We consider the origin of striking resonances, observed in the low-temperature magneto-resistance of submicron-sized quantum dots. The magnetic-field positions of the resonances are correlated to the depopulation of Landau levels in the dots, while their amplitude can correspond to a near-complete reflection of the applied current. In order to determine the origin of these features, we formulate a model for edge-state scattering in quantum dots which properly accounts for the magnetic-field-dependent evolution of their self-consistent potential profile. The resonances are thus ascribed to a sudden increase in back scattering, mediated by edge states trapped inside the dot. A similar treatment which ignores the high-field evolution of the dot profile is unable to reproduce the resonances, which we therefore conclude provide an important demonstration of the role of self-consistent effects in mesoscopic systems.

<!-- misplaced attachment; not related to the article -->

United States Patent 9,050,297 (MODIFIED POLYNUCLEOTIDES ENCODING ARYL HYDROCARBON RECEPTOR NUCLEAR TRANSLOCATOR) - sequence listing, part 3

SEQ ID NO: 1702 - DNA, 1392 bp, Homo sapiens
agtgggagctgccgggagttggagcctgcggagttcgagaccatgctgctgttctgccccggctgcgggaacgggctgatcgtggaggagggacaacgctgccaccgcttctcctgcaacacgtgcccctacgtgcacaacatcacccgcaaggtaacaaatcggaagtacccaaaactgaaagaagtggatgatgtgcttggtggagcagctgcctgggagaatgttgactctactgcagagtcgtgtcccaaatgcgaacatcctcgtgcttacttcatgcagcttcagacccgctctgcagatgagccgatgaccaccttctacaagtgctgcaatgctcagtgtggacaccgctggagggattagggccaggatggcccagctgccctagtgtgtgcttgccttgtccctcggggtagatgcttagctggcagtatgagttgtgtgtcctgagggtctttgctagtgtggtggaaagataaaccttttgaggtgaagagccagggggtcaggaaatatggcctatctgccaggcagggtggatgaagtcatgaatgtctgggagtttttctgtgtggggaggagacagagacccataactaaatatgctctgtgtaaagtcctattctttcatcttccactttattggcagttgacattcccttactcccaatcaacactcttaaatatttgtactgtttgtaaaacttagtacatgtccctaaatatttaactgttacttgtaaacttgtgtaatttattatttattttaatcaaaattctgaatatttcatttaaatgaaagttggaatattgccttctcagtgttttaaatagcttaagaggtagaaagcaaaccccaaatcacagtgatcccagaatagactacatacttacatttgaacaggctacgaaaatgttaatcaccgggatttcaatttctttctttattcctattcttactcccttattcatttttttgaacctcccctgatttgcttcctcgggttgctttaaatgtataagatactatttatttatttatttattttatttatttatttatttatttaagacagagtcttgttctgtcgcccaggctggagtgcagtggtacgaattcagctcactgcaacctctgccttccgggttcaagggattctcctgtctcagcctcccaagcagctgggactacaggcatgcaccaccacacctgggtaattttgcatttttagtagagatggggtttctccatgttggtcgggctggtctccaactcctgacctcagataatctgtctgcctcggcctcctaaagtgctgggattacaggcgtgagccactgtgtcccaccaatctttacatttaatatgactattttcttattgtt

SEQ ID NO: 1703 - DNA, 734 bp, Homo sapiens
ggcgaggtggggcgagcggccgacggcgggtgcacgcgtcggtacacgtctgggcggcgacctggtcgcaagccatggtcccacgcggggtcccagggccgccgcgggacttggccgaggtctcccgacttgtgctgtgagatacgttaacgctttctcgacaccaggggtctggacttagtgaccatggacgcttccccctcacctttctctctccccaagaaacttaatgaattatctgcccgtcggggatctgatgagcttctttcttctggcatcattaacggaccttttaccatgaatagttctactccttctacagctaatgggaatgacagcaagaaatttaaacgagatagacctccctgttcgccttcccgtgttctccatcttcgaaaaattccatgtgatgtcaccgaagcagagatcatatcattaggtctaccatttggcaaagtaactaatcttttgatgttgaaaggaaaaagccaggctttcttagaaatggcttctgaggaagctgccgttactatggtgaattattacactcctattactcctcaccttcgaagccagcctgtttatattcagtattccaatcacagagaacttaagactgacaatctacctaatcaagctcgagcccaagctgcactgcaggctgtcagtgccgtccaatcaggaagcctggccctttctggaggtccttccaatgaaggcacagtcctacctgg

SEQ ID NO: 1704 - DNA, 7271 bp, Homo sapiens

|Original language||English (US)|
|Number of pages||8|
|Journal||Physical Review B - Condensed Matter and Materials Physics|
|State||Published - Jan 1 1997|
ASJC Scopus subject areas
- Electronic, Optical and Magnetic Materials
- Condensed Matter Physics